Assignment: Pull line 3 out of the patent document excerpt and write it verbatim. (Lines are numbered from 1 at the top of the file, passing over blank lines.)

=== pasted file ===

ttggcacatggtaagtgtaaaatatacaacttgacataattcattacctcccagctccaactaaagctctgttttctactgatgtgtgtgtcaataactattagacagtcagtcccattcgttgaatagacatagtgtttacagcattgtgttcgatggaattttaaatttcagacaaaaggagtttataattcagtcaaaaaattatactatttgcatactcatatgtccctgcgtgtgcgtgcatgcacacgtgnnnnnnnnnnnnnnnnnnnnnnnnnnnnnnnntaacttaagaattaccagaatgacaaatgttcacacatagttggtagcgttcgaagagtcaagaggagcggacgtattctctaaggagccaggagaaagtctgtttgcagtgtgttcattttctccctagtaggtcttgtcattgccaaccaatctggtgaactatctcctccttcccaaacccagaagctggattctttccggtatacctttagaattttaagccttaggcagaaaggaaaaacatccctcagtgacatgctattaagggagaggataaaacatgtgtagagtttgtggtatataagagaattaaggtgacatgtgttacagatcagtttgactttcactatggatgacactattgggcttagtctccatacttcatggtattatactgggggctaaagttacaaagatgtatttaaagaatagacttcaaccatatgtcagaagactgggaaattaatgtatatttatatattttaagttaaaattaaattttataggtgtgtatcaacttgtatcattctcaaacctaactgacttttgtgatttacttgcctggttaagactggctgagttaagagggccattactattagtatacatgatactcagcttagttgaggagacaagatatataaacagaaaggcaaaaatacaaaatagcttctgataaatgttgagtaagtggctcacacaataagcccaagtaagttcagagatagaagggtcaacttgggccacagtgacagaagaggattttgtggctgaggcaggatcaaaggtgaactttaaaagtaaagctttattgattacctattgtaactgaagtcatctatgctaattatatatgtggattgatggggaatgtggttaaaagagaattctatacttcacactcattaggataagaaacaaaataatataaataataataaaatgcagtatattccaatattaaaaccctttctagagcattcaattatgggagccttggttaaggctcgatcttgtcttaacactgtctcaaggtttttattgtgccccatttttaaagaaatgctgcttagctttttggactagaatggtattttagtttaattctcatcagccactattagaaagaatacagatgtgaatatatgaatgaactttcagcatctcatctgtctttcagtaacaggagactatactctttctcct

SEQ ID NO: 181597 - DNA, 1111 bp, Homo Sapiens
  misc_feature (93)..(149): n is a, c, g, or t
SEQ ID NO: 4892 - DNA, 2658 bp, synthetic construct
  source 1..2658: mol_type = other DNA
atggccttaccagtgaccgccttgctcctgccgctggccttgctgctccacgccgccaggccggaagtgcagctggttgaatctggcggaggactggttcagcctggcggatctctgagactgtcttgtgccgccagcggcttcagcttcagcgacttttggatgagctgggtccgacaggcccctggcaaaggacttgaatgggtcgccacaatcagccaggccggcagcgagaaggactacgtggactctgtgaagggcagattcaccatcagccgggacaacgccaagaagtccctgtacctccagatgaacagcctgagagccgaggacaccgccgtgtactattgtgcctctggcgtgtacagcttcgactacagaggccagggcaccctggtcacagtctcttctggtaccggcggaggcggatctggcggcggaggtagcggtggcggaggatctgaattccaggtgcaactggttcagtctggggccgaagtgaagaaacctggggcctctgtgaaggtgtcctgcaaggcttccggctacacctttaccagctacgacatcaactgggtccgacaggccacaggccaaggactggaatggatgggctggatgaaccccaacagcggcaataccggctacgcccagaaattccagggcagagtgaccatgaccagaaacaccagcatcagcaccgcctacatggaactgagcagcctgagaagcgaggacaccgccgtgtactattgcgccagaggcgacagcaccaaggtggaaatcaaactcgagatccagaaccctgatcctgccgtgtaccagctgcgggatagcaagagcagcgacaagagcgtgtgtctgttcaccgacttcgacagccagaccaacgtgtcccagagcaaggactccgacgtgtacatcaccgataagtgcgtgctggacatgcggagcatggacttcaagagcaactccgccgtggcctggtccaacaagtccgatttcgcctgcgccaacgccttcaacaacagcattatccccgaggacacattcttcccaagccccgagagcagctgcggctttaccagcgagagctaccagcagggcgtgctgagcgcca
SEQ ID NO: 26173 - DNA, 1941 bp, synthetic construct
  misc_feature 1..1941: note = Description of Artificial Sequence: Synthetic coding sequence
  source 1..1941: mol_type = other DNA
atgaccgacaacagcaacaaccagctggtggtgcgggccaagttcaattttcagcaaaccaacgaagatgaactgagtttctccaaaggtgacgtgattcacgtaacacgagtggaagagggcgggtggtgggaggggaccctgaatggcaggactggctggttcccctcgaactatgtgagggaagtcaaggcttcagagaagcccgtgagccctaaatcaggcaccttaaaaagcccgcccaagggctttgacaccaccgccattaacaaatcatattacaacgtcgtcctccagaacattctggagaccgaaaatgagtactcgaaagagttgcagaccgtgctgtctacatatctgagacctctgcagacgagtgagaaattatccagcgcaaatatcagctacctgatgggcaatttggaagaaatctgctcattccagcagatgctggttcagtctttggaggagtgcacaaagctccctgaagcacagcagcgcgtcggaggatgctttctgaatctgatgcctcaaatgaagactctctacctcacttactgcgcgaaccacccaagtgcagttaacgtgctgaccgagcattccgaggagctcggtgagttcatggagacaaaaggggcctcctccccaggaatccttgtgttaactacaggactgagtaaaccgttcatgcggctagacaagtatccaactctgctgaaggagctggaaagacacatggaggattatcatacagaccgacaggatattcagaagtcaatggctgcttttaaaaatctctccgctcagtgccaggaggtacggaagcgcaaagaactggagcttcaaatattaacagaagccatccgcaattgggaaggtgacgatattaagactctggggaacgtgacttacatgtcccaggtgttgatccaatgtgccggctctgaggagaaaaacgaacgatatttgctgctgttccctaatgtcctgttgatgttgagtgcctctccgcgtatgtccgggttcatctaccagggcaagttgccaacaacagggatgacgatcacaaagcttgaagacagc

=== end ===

  misc_feature (93)..(149): n is a, c, g, or t